Sex is messy and leaves your pleasure parts marinated in sweat, saliva, and other bodily fluids. That creates the perfect environment for microscopic bacteria to thrive, leading to infections like a UTI or bacterial vaginosis.
Fortunately, showering helps. Soap has molecules that target fats, destroying pathogens (bacteria and viruses) on contact.
The moment after sex isn’t the prime time to think about hygiene, but cleaning up afterwards is essential for sexual health. Washing the genital area after sex prevents infection and irritation. It also helps prevent UTIs and vaginal yeast infections. A shower is ideal, but if a full-on rinse is too much to handle right after sex, you can simply gently cleanse the area with a cloth and warm water or baby wipes.
Showering after sex is especially important for women who are trying to conceive because it can help prevent vaginal and penile yeast infections. It’s important for men to clean the head of their penis as well, to prevent semen from getting into the urethra and potentially spreading bacteria.
Showering after sex doesn’t prevent STDs, however, since the bacteria that cause them are spread through oral, anal, and vaginal sex and skin-to-skin contact. But using barrier forms of protection, like condoms, internal condoms, and dental dams, can prevent them. You can also get regular STI testing to help detect any potential infection.
Sexual hygiene is all about minimizing risk while maximizing pleasure. That means using condoms, internal condoms, and dental dams before and during oral, vaginal, anal, and vaginal sex, as well as avoiding skin-to-skin contact. It also means washing anything that comes into contact with bodily fluids or skin, including lubricants and sex toys, with liquid antibacterial soap and hot water.
It’s also a good idea to drink some water after sex, since sweat can breed germs that could lead to bacterial infections like urinary tract infections (UTIs) for women and penile yeast infections for men. Showering can help get rid of these bacteria, as well as flush out toxins and other waste products.
But it’s important to note that showering after sex doesn’t reduce the chance of getting an STD, since many STDs are spread through viral, not bacterial, transmission. Instead, to lower the risk of getting an STD, use a reliable prevention method such as a rapid, same-day, anonymous STD test at a Rapid STD Testing location near you. And be sure to both urinate shortly after sex, since urine can prevent bacteria from reaching the bladder.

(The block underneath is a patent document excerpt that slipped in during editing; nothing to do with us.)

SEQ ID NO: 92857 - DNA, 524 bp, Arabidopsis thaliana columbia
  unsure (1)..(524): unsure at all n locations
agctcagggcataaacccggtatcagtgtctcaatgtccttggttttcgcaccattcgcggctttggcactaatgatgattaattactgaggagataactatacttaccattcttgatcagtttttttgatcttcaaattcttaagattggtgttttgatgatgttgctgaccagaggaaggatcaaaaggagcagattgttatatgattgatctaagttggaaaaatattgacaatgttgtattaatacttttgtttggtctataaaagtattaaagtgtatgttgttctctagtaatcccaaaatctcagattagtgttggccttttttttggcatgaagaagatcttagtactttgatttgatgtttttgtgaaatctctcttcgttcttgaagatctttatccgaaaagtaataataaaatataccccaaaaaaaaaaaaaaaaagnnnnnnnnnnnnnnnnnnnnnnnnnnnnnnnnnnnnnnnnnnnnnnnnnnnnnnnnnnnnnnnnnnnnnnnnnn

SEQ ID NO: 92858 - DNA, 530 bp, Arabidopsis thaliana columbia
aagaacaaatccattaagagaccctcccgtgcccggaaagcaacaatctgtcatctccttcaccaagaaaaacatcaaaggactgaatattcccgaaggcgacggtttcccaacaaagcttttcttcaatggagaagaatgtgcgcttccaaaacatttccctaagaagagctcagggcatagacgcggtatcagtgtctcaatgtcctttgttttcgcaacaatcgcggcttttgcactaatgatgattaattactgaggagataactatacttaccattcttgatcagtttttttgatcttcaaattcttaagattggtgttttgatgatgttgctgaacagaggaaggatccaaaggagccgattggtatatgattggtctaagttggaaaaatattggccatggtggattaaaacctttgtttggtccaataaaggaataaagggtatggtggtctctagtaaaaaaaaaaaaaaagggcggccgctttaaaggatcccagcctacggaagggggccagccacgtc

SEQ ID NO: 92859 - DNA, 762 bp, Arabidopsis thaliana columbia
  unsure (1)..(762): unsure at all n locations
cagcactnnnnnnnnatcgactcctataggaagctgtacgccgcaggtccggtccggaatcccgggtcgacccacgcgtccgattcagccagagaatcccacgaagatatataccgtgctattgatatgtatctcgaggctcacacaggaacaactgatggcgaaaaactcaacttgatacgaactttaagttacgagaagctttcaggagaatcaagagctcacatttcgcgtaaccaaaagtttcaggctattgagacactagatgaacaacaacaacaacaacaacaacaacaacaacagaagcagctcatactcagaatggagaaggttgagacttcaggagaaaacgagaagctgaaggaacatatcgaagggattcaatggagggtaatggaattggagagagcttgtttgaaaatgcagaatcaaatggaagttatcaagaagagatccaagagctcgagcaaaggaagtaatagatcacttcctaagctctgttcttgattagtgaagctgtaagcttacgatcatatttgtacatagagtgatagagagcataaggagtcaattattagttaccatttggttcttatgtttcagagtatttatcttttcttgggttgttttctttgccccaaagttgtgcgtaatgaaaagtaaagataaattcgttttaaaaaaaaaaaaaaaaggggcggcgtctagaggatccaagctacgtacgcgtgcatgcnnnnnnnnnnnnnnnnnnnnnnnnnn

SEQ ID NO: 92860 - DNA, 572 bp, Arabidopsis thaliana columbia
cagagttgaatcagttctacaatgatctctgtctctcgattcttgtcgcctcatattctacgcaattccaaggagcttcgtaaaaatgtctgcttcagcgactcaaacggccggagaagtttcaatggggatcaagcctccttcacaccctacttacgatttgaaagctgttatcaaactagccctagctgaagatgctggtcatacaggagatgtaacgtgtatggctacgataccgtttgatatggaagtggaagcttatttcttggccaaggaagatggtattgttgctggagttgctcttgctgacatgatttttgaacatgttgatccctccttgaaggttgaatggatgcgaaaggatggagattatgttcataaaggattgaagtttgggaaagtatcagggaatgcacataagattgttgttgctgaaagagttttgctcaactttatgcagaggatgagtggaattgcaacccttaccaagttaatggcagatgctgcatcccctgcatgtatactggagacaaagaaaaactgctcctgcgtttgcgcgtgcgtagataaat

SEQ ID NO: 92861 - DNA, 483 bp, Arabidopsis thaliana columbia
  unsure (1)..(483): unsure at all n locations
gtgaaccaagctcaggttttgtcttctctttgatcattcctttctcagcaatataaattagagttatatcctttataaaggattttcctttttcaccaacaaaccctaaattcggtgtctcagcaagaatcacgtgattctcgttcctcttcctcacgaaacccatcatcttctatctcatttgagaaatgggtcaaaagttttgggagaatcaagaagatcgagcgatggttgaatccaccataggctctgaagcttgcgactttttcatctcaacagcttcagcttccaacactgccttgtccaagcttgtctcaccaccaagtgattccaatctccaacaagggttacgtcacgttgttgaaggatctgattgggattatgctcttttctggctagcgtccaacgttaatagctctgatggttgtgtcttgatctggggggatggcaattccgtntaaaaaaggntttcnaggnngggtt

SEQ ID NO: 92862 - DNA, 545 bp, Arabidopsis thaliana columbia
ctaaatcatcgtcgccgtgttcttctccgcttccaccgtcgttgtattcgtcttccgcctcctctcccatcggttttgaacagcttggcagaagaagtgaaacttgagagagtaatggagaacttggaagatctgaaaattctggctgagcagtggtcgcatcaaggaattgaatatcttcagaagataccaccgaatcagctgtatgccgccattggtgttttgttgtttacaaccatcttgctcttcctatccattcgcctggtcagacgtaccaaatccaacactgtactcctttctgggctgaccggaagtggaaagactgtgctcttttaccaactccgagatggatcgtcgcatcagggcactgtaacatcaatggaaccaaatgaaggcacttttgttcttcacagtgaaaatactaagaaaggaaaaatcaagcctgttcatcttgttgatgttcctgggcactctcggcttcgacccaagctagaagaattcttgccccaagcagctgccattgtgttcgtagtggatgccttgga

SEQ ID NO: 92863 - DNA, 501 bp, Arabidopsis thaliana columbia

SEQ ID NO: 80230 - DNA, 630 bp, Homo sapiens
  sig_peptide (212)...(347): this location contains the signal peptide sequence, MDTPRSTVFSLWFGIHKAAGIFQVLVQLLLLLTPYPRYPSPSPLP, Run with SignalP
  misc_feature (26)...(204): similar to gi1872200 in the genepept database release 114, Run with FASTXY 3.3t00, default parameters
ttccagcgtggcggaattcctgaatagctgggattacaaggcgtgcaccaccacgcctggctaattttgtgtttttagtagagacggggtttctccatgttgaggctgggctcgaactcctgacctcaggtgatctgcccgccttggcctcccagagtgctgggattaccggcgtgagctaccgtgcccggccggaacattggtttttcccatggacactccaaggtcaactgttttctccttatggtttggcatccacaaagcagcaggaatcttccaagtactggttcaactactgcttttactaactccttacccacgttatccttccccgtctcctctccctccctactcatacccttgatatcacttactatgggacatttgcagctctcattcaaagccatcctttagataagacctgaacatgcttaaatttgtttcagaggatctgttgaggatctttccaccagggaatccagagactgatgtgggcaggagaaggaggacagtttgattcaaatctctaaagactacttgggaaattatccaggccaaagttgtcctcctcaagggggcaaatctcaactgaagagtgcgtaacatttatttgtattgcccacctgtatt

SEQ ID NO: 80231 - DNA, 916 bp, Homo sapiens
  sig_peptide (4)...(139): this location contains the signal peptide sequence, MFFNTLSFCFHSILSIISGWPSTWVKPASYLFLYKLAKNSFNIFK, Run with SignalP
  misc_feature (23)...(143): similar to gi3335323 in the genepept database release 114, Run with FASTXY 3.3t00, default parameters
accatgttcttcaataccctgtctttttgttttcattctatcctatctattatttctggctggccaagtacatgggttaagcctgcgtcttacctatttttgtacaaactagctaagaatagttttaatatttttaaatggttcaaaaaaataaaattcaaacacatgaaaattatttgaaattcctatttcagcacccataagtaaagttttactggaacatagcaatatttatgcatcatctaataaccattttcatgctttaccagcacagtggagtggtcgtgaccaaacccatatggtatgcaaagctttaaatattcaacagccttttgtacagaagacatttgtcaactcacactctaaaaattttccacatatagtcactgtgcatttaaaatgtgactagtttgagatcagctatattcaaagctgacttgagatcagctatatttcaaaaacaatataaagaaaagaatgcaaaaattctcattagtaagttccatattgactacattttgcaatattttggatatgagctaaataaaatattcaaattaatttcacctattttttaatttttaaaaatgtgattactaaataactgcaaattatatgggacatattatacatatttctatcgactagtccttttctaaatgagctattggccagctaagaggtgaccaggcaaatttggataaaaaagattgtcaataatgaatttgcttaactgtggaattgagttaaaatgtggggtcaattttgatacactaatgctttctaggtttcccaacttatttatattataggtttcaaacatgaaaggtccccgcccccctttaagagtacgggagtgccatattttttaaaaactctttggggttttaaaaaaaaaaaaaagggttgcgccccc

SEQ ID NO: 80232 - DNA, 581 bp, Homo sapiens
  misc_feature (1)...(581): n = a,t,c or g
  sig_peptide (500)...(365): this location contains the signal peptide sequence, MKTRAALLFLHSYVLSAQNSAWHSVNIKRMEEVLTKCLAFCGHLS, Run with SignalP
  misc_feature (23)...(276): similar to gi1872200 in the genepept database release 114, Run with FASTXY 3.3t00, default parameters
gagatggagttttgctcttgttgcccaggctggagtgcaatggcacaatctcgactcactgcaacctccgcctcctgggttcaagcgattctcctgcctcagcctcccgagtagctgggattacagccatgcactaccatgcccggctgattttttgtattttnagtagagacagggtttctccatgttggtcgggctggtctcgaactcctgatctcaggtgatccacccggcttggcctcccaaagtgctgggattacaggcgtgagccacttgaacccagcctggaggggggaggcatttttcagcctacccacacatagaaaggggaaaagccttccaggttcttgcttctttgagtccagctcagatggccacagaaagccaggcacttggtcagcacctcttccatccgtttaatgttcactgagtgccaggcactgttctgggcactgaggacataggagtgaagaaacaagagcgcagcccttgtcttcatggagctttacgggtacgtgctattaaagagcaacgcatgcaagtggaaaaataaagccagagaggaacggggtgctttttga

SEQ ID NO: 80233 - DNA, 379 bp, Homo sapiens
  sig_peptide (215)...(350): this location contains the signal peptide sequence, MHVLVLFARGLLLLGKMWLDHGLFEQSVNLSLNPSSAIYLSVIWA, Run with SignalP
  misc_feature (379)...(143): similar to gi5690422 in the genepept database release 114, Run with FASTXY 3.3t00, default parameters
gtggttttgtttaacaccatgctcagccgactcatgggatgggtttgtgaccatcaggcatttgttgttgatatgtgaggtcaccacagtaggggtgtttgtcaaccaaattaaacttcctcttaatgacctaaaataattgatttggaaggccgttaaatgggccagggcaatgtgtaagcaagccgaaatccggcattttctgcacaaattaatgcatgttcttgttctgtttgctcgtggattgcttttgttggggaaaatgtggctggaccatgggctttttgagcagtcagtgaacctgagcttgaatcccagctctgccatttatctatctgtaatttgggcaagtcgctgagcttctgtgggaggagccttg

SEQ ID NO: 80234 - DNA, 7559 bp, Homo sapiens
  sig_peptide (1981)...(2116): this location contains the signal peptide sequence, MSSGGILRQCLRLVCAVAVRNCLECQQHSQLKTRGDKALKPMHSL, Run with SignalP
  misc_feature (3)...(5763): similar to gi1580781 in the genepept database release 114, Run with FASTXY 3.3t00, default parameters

After sex, your body has a rush of hormones that can make you feel sleepy and relaxed. But falling asleep right after sex isn’t always the best idea because it can interrupt your sleep cycle and cause restless nights. Sleep experts recommend trying to avoid sexual activity close to bedtime to help promote a good night’s rest.
Showering after sex can also be a bonding experience, especially for couples who are more comfortable sharing the bath time. You can use the shower as an opportunity to talk about things that are important to you and your partner, or even make it a sensual experience by soaping and rubbing each other in a sensuous manner.
One thing you should never skip when it comes to showering after sex is emptying your bladder. OB/GYNs Allison Hill and Yvonne Bohn tell INSIDER that this is important because sexual activity can push bacteria up into your urethra. That bacteria can then enter your bloodstream and cause a urinary tract infection. It might not be super sexy, but it’s essential to your health.
4. Pain Relief
Showering is a great way to clean your body and relax post-sex, but it’s not the only thing you should do. If you’re experiencing pain during or after intercourse, there are a few things that could be to blame.
One possibility is that you’re not using enough lubrication. You can use a vaginal ring, a cream, gel, or oil to help with the lubrication and make it easier on both of you during intercourse. Another reason you may be feeling pain during sex is that your body is releasing hormones that cause cramping and other discomfort.
If you have a UTI, peeing right after sex can help. The quick flow of urine helps to flush out any bacteria that entered the urethra during sex, which can help prevent infection.
However, if you’re trying to conceive and showering is making it harder for your uterus to contract, the experts say that it probably won’t have much of an impact on conception rates. They also recommend washing your genitals gently with water and wiping from front to back.
Sex is a consuming activity, and it takes a lot of energy to have full intercourse, masturbation or orgasm. This drains the body of energy, leaving it exhausted afterward. It also drains the brain, so some people find that they aren’t able to concentrate or think clearly for a while after love-making.
It’s important to re-energize yourself after sex, but don’t just do this by showering. Instead, treat the act of love-making as a spiritual and sacred experience by cleansing yourself and your environment before, during and after. This could mean taking a bath, burning herbs or even using crystals to purify your aura.
Some people recommend peeing right after sex because it lowers the risk of urinary tract infections (UTIs). This is because harmful bacteria can transfer from the back to front area of the body, which could lead to bladder pain, pelvic discomfort and other symptoms. But if peeing isn’t an option, simply washing your vulva with warm water can also work. This helps wash away any bacteria and prevents infection. You should also try to stay hydrated by drinking lots of water to help with this process.